Did you know that nearly $8 Billion in damages are incurred every year due to animals being struck by vehicles?
This statistic is extremely sad not because of the cost of these collisions, but because of the damages being done to individual animal lives as well as the ecosystems surrounding major highways.
Canada has decided to do something about this widespread problem by creating 44 animal overpasses and similar structures around highways. An animal overpass is essentially a structure that goes over the dangerous highway and acts as a nature-imitating bridge to the other side. These overpasses are not just concrete establishments, they are cultivated with vegetation that matches the immediate environment and native trees so that the spaces created are ones the animals are accustomed to.
Jen Watkins, A Conservation Associate with Conservation Northwest explains that highways disrupt the natural order of the environments in which they are placed. Without human interference, animals will roam larger areas in search of food or new dwellings to live in temporarily or even long term.
Reasons for animals shifting to different areas can range from safety, to food, or other factors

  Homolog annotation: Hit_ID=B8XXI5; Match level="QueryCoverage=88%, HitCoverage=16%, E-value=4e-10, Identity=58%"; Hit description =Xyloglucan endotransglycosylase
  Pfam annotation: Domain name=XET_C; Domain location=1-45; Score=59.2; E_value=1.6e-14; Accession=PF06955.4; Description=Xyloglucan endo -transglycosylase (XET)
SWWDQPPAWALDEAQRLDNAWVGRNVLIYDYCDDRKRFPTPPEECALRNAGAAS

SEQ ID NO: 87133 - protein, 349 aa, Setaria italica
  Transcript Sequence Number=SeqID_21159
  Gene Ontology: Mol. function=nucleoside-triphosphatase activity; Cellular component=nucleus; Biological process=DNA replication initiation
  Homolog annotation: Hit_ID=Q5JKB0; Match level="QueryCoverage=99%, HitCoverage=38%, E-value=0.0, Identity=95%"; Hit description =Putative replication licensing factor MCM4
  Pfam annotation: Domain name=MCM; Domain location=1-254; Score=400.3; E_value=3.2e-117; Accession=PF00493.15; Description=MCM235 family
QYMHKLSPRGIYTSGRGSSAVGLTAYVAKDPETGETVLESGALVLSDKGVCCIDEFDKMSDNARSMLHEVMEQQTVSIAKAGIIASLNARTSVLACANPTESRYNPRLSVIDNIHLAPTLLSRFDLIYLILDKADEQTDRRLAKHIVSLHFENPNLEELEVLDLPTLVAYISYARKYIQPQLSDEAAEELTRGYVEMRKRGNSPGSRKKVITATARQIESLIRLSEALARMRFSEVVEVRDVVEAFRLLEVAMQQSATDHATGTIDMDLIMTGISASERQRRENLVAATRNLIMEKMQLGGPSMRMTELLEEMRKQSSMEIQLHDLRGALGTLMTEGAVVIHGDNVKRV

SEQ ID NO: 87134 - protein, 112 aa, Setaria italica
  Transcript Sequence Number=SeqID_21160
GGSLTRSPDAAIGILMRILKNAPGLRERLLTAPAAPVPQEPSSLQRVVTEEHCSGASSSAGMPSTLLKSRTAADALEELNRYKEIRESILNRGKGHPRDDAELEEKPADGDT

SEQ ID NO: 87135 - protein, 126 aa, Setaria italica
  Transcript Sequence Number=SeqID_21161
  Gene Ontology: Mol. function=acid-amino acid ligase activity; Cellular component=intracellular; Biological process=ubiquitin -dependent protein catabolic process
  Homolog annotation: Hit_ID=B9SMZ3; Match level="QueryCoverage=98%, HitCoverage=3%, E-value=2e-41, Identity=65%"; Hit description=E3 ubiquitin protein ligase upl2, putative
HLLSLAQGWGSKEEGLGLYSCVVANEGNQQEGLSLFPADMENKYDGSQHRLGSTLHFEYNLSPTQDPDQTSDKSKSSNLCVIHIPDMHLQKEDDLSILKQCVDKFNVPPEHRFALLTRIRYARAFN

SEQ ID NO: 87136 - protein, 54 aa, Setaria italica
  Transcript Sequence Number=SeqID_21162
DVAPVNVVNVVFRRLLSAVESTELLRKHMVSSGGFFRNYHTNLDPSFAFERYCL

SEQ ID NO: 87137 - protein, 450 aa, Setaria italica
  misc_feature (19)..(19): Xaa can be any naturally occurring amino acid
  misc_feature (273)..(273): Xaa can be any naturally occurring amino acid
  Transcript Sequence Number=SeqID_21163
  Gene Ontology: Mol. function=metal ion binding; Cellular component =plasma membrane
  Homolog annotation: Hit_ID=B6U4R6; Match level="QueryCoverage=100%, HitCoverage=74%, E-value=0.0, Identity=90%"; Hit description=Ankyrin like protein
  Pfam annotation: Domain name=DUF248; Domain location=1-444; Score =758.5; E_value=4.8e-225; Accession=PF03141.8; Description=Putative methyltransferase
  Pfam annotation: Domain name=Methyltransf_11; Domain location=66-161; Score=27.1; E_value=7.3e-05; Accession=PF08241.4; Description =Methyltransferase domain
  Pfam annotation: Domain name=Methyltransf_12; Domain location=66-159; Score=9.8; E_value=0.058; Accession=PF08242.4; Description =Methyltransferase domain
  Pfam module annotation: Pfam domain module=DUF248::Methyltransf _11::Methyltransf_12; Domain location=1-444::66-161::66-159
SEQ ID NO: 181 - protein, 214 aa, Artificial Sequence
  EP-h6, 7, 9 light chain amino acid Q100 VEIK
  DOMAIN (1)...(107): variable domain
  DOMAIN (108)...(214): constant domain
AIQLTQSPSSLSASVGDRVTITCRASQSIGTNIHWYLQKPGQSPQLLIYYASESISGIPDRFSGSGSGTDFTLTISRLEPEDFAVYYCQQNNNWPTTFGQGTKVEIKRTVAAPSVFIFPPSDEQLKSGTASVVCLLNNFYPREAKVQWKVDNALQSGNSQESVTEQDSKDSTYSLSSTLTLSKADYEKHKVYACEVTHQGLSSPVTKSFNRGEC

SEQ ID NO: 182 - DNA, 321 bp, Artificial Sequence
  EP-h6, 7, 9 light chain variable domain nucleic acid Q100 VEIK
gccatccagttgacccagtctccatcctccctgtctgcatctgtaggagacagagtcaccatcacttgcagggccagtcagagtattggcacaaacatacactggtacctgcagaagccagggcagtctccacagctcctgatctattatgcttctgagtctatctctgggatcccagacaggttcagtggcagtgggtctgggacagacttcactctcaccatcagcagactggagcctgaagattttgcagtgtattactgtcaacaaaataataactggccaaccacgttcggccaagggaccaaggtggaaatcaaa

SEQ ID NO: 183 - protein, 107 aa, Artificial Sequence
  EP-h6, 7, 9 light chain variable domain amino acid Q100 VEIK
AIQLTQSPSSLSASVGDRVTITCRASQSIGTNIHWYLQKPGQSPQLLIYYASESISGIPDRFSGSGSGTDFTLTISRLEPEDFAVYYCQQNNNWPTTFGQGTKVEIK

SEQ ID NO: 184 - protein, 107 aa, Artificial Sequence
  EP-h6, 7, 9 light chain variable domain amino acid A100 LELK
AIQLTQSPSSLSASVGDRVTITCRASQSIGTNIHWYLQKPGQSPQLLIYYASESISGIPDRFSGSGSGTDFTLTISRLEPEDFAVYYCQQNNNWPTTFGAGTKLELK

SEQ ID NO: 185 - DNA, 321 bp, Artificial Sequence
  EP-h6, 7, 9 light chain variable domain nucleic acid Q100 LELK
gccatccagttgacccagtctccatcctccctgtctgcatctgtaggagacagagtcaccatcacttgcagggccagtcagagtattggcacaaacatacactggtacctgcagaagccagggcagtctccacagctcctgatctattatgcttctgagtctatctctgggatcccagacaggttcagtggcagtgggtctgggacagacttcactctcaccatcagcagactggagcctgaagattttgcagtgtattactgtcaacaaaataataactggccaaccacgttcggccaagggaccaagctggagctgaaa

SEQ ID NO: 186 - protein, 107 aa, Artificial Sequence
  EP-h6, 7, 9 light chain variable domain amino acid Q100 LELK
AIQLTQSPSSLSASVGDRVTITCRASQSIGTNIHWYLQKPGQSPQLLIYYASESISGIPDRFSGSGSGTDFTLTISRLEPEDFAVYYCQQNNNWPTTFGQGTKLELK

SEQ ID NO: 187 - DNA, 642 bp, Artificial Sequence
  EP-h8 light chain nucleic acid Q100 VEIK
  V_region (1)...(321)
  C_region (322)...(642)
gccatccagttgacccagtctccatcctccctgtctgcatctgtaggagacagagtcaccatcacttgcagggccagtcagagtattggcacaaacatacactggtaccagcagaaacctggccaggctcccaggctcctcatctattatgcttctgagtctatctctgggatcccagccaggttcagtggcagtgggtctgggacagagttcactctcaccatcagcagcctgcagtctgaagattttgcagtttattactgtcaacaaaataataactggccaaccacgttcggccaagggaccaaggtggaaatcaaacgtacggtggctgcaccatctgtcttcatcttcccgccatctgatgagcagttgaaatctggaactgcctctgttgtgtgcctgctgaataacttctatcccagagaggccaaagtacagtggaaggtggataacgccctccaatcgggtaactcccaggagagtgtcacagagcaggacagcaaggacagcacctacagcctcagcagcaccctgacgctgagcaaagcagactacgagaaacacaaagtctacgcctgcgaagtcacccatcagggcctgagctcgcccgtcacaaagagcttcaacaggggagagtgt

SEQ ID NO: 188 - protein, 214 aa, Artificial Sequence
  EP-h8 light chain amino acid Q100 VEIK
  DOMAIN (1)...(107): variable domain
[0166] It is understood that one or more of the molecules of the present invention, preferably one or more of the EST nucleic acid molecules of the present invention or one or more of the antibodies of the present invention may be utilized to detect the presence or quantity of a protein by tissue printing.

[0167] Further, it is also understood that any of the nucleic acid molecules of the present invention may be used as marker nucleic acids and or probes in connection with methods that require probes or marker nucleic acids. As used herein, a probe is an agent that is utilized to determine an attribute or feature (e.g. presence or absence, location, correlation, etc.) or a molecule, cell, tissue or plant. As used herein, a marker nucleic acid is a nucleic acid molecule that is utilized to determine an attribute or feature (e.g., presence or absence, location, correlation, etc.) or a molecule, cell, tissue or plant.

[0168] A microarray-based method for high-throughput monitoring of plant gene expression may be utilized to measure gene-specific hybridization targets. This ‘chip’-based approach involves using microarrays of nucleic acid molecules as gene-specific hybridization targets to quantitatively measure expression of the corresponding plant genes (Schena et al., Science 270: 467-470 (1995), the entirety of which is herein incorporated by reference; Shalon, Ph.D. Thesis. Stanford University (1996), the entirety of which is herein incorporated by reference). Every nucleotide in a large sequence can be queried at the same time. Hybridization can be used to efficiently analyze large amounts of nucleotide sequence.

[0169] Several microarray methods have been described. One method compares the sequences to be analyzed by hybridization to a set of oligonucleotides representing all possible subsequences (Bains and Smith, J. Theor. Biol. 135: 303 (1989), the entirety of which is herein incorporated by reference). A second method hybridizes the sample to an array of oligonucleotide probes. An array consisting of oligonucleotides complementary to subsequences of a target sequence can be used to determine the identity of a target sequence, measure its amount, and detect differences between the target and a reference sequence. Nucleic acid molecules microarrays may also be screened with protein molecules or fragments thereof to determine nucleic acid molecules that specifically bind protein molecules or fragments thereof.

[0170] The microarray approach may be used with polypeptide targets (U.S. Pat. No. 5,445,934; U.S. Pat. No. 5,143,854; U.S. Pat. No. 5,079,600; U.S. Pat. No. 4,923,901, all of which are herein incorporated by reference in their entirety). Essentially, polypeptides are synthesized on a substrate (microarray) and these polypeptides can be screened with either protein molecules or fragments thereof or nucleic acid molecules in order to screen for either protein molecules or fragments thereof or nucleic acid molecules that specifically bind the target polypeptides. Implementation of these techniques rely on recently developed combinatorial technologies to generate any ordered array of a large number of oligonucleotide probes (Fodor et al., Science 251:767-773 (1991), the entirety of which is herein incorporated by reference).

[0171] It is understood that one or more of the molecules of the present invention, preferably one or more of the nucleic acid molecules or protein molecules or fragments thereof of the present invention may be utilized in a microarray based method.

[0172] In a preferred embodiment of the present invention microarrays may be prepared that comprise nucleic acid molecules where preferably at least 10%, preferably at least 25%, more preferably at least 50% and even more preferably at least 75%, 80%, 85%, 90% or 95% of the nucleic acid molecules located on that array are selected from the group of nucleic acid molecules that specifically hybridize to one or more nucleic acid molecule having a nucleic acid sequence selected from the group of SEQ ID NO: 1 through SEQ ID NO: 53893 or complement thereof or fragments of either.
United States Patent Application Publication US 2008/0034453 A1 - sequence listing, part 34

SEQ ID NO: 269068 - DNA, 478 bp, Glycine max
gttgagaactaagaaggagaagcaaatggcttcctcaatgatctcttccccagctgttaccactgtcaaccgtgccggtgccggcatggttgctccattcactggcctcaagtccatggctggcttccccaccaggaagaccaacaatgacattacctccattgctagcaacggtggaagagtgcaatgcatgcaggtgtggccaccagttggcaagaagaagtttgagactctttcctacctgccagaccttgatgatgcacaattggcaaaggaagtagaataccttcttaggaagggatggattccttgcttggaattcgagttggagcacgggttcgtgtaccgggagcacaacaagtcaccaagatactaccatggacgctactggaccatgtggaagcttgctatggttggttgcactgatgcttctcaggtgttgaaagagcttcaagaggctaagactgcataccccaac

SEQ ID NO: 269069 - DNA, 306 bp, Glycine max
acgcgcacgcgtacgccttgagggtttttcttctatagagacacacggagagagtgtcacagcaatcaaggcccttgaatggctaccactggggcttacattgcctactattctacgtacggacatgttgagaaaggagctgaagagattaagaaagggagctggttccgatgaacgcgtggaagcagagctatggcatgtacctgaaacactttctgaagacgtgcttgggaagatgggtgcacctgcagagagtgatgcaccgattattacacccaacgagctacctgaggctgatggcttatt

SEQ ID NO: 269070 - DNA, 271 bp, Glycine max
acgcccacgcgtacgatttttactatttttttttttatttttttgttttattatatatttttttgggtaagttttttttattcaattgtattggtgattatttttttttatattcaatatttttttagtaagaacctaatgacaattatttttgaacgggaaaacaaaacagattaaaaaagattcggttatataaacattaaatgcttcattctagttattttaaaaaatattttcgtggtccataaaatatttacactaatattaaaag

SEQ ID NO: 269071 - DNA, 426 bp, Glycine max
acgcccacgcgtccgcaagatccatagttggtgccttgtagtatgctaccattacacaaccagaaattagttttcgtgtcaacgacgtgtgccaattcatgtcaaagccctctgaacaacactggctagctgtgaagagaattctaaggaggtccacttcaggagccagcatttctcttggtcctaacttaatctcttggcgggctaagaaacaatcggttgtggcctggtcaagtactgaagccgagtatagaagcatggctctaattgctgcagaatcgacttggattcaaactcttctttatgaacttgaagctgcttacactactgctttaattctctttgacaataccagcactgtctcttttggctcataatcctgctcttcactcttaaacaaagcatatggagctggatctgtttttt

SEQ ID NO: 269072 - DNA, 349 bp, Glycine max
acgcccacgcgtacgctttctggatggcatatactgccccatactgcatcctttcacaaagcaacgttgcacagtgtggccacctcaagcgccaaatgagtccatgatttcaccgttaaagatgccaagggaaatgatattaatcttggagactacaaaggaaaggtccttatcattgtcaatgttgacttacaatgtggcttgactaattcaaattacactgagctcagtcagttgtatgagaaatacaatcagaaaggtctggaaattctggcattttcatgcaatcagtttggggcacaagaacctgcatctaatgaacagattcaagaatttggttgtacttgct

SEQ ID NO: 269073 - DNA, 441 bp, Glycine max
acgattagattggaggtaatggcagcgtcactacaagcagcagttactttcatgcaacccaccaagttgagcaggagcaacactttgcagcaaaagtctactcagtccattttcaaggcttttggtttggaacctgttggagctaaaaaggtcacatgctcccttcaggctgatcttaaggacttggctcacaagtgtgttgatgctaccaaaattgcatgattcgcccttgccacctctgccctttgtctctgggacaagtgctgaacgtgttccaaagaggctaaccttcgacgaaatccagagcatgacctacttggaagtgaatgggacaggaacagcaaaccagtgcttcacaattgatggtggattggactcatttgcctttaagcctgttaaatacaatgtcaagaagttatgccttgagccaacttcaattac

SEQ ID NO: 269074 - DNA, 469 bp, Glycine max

When animals are faced with the unnatural structure of a superhighway, they are faced with decisions their biology doesn’t equip them for, leading to many tragic and unnecessary animal deaths and on a larger scale, damage and disruption to the communities as a whole.
This solution has been so effective in Canada with even a recent study finding solid evidence that the overhangs are working, that many US states have decided to start on similar projects. Washington State is creating its first wildlife crossing project in the form of a 150-foot wide bridge that is filled with trees and vegetation.
Watkins goes on to explain that the overpasses are a monumental step forward in conservation efforts related tohighway wildlife challenges, but they aren’t the only strategy in place. Other projects and programs aimed at protecting wildlife and fostering natural development of ecosystems in highway areas include those aimed at creating safe passage areas underneath the highways as well. In these types of projects, areas are created that will foster and support the crossing back and forth of larger and predatory animals like wolves and bears while also providing safe havens for smaller creatures and aquatic ones.